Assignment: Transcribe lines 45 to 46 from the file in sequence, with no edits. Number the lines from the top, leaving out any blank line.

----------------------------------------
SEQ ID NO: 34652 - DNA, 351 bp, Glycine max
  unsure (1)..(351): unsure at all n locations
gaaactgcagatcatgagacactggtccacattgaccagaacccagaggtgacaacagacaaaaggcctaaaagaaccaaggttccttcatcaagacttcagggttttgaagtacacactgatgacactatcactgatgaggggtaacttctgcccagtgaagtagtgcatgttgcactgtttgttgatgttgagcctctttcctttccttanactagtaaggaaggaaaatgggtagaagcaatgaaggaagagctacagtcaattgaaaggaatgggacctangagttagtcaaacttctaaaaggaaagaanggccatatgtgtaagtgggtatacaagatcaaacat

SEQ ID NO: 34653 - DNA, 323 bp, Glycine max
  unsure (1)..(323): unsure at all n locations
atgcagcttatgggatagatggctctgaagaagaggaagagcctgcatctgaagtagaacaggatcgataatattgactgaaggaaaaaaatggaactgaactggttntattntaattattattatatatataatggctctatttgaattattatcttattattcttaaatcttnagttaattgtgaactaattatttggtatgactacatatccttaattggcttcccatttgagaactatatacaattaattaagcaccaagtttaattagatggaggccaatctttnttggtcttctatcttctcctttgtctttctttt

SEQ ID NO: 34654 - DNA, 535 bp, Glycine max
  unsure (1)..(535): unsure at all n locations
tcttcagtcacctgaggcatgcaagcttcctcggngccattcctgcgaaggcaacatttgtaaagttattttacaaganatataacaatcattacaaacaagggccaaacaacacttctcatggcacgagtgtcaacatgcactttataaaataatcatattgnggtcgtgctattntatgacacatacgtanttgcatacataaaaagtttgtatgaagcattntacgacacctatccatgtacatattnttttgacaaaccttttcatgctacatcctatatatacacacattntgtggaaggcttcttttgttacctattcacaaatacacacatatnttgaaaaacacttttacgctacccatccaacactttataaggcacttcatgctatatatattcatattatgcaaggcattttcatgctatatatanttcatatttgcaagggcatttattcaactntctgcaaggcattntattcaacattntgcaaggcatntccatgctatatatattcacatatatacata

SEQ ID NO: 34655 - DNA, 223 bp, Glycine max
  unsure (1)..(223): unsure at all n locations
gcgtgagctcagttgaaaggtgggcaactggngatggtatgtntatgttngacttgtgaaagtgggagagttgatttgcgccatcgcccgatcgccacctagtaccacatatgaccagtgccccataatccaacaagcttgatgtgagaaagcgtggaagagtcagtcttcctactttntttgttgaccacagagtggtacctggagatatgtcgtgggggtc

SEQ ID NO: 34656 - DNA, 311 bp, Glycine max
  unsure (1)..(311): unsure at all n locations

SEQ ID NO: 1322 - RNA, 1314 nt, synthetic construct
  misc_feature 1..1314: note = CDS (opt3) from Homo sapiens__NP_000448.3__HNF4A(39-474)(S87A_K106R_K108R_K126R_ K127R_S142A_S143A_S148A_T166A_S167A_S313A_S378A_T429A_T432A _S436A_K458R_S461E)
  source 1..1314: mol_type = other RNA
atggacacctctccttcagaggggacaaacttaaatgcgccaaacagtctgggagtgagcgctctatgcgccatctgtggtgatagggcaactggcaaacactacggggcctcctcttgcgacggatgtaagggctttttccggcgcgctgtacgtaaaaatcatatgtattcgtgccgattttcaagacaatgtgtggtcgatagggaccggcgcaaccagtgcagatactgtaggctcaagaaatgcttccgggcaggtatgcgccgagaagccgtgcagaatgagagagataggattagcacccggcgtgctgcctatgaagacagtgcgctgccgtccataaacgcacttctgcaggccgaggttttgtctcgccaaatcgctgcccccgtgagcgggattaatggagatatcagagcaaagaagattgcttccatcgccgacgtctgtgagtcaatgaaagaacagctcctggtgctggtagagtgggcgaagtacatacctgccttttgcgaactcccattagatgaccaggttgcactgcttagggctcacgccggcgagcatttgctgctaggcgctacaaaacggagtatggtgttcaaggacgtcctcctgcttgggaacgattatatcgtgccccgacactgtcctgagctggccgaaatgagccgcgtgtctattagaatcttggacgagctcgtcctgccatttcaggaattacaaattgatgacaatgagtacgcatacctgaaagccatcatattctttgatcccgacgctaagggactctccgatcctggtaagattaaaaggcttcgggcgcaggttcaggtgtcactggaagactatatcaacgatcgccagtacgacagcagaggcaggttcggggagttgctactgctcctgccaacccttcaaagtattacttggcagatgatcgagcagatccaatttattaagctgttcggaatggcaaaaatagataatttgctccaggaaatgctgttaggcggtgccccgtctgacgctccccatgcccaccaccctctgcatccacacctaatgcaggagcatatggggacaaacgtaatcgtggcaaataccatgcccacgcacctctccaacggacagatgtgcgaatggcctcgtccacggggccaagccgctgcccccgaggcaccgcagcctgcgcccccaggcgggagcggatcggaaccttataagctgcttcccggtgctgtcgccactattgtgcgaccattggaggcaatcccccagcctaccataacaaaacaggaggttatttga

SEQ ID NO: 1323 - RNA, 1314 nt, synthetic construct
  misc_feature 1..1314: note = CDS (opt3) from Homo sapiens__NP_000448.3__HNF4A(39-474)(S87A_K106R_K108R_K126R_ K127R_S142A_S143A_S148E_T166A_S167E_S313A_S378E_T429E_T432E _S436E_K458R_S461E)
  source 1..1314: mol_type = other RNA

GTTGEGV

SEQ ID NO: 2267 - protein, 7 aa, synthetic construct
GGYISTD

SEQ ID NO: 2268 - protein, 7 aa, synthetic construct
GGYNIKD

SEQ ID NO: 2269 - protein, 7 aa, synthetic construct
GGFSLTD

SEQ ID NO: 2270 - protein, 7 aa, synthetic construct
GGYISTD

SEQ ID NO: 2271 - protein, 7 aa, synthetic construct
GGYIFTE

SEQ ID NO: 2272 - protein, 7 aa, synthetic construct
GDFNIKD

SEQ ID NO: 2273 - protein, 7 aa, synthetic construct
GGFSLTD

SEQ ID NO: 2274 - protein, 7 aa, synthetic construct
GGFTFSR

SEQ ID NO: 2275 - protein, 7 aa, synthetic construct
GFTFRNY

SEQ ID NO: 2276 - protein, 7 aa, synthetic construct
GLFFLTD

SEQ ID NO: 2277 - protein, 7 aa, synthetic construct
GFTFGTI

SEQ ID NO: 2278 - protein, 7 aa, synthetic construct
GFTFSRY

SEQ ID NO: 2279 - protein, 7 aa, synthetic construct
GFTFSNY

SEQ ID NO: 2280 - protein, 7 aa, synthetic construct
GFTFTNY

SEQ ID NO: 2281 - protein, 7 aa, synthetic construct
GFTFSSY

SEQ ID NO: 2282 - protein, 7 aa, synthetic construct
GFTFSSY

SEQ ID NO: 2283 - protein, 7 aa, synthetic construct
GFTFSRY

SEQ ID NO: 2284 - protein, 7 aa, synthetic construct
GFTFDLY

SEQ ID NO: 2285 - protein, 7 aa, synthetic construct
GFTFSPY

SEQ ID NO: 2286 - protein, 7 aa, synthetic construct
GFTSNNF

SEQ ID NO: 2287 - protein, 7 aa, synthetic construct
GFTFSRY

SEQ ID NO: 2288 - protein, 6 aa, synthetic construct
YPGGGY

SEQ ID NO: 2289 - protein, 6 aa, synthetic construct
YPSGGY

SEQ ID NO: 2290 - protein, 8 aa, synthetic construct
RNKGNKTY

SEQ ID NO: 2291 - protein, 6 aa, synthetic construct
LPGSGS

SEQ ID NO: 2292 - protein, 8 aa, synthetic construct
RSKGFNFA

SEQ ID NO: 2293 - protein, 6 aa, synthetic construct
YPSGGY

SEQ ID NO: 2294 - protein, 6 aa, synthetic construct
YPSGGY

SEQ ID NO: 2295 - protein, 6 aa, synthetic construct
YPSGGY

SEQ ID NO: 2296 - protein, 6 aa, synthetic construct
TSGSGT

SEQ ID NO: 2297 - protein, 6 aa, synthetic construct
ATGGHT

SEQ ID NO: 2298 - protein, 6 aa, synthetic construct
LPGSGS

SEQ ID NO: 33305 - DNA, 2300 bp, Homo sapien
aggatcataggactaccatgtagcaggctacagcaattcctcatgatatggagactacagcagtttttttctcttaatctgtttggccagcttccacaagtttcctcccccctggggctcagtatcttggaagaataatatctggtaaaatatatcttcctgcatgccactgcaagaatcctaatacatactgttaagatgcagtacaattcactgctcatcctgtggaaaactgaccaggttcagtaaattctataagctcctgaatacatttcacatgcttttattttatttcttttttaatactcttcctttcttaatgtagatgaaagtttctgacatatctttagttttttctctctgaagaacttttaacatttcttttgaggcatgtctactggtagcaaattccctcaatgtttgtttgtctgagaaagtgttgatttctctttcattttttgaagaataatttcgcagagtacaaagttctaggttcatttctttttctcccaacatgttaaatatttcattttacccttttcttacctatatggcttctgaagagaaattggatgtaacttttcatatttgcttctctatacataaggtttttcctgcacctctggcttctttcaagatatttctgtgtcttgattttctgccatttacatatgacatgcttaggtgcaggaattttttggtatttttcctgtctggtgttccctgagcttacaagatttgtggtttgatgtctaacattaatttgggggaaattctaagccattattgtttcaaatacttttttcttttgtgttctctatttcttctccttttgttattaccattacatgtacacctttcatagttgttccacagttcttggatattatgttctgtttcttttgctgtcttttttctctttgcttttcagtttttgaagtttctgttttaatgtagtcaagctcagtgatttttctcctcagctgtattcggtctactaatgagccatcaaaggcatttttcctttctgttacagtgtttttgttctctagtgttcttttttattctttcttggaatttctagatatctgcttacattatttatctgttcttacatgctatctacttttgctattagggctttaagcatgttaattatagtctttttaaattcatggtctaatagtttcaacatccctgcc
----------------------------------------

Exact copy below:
SEQ ID NO: 2278 - protein, 7 aa, synthetic construct
GFTFSRY